Suherdjoko, Asip Hasani and Apriadi Gunawan, Semarang, Blitar and Medan – Despite reports that Christians in some regions faced problems as they were due to celebrate Christmas, religious groups and communities in many regions have proven that interfaith tolerance is still the norm in the archipelago.
Indonesia's largest Islamic organization, Nahdlatul Ulama (NU), for instance, took to Twitter to post a Christmas greeting, seemingly brushing aside prolonged debate over whether saying "Merry Christmas" is permissible for Muslims.
"The Nahdlatul Ulama Central Board wishes Christians a Merry Christmas. May peace be upon us all. Amen," the organization said via its Twitter account, @nahdlatululama.
Although the greeting sparked debate among Muslim netizens, many people expressed their respect for the example of religious tolerance promoted by the group.
In Semarang, Central Java, students of Roudlotul Solohin Pesantren (Islamic boarding school) from Demak gave a rebana tambourine performance to accompany the Mater Dei Church choir performance in Lamper Kidul on Wednesday morning.The collaboration between the faiths surprised congregants attending morning services, with attendees recording the performance on their phones.
The pesantren's caretaker, Abdul Qodir, said the collaboration was in line with the school's vision to educate students to be capable of accepting all kinds of differences.
"This is a concrete example of that vision. We came to this church to mangayubagyo [be happy] with our Christian fellows," Qodir said.
Mater Dei Church head priest Father Sugihartanto appreciated the participation of students from Demak.
"This is proof that people want to be united. We are all part of this nation contributing to civilization, so we must do what's best for the nation. Christmas is that moment to reiterate that spirit," he said.
In Blitar, East Java, authorities along with representatives of interfaith communities and youth organizations visited several churches ahead of services on Tuesday evening.
Dubbed Patroli Kebangsaan, young people of various faiths and representatives of student organizations the Indonesian Islamic Student Movement (PMII), Islamic Student Association (HMI) and Indonesian Nationalist Student Movement (GMNI) joined the church visit.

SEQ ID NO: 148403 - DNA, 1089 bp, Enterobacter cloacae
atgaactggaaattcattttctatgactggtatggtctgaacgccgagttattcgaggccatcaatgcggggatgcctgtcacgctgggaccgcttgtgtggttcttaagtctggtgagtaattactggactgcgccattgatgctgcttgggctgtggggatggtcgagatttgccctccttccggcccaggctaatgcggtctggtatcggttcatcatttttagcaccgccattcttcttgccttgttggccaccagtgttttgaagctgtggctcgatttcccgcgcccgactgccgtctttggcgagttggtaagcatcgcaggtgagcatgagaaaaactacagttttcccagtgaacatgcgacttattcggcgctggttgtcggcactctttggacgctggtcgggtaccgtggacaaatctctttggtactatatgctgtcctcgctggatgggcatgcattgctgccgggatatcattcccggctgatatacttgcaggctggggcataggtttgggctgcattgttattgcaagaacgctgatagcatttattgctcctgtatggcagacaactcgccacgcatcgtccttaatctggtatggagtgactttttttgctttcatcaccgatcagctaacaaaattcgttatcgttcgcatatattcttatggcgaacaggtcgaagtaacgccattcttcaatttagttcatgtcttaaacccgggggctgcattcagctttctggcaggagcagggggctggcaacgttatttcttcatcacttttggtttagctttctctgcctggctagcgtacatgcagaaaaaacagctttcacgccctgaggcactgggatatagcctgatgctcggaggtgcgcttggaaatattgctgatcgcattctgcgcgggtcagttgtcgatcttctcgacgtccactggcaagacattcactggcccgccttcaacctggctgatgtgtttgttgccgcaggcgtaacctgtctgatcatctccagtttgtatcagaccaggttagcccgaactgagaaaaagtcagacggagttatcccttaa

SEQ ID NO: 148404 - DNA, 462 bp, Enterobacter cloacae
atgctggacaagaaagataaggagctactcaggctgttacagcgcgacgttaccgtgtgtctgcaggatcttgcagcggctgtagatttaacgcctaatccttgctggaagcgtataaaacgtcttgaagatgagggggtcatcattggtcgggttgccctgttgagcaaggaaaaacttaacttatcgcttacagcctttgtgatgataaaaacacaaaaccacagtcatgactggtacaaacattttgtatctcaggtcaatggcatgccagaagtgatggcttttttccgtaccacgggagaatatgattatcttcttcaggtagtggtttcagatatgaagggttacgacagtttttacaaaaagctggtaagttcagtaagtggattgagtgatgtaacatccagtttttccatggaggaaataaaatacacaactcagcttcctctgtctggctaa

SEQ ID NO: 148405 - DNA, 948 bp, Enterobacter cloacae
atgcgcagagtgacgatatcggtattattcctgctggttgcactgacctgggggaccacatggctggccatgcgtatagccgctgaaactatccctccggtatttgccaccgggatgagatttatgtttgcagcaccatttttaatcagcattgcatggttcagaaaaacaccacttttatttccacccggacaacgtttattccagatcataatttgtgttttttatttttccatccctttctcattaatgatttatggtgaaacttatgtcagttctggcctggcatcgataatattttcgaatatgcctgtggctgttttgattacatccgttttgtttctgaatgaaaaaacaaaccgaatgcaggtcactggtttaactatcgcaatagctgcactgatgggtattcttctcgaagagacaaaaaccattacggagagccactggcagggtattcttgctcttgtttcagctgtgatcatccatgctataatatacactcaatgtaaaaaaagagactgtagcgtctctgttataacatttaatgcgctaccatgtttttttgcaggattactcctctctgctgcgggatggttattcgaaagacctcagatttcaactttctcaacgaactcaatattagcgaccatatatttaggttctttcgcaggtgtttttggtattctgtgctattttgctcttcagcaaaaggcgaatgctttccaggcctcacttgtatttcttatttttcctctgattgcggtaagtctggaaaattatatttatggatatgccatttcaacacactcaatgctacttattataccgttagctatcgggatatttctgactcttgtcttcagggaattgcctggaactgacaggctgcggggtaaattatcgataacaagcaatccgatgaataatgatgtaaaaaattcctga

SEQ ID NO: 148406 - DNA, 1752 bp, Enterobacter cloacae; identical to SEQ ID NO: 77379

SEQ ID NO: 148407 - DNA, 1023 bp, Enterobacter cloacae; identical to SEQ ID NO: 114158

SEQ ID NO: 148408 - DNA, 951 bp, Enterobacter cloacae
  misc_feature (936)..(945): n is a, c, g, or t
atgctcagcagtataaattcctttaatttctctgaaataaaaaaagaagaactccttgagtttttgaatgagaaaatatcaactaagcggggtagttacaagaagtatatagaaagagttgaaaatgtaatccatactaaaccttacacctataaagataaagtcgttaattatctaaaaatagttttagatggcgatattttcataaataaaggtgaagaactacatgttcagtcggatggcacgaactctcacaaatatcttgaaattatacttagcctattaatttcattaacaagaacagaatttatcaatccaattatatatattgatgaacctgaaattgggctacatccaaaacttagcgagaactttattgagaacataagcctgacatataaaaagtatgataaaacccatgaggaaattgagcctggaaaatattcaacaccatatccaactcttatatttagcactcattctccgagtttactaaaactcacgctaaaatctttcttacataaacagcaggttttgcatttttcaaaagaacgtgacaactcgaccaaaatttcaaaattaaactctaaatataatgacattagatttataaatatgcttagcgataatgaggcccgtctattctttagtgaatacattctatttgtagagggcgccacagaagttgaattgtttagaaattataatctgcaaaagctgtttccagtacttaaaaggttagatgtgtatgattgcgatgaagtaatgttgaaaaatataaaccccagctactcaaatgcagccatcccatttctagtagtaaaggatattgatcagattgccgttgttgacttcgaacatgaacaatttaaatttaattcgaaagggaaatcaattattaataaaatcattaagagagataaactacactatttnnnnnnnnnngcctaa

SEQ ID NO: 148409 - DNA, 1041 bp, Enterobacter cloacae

Speaking from the altar podium of Maria Fatima Catholic Church in Garum, Blitar Regent Rijanto said religious tolerance in Blitar had long existed, yet it should be nourished among the younger generation.
"Therefore, as we see here, young people from various religions have come along with us to see our brothers who are celebrating Christmas," Rijanto said.
Earlier on Tuesday, Muslims in Semarang helped their Christian fellows with Christmas preparations at Gedono Monastery, which welcomed the visit of Central Java Governor Ganjar Pranowo.
Santri (Islamic boarding school students), though still wearing their peci (caps), gave their respects to the older nuns by kissing their hands, while Muslim women clad in hijab helped the nuns inside the building.
"We are used to helping around here. We've been doing this for more than 20 years. The residents here can blend in and get along well," Damirah, 50, a local, told The Jakarta Post on Tuesday.
Ganjar said he was happy to have visited the Gedono Nunnery as the place illustrated the beauty of Central Java religious tolerance.
"We want Indonesia to be beautiful, filled with love, happiness and help. I found all of that here," he said. "Let's keep up this beautiful thing. Merry Christmas to all who celebrate it and Happy New Year to all of us," Ganjar said.
Separately, people living in Karangtengah Lor in Kulonprogo, Yogyakarta, said Christmas was a time for giving.
Married couple Sri Nurjanah and Harmanto started a tradition in the 1990s of handing out gifts to their neighbors. As the couple has a home bakery, the couple usually hands out bread.
"The present has always been this [bread]. We just change up the type of bread every year, such as last year we gave out bread rolls," Sri said.
This year, Sri was assisted by some of her friends who came over to her house to prepare and hand out the presents to all 150 families living in their neighborhood unit.
Previously, the gift swapping only involved Christian households but there were only 20 of them in the village, so in turn some houses could get three to four presents or more. The families then decided to pitch in with Sri and did the gift swapping for all households, not just the Christians.
Tuesday and Wednesday saw rather peaceful Christmas celebrations in churches across the country, as services were carried out without any major disturbances or incidents under the alert of security personnel.
In Medan, North Sumatra, for instance, people flocked to churches on Christmas Eve, although the North Sumatra Police's Gegana bomb squad secured 21 churches in the city.
"Christmas celebrations in North Sumatra were safe. We monitored Christmas services in several churches and they all went smoothly," North Sumatra Police chief Insp. Gen. Martuani Sormin said on Tuesday.
In Timika, Papua, young Muslims, Hindus and Buddhists from the local chapter of the Interfaith Communication Forum (FKUB) joined hands to secure Tiga Raja Catholic Church during Christmas Eve Mass.
Timika FKUB chairman Ignatius Adi said the forum had enlisted 80 volunteers, who were Muslims, Hindus and Buddhists, kompas.com reported.
He said it had become a tradition for people of other faiths to volunteer in securing Christmas services. "This is proof of interfaith tolerance," Ignatius said. (ami)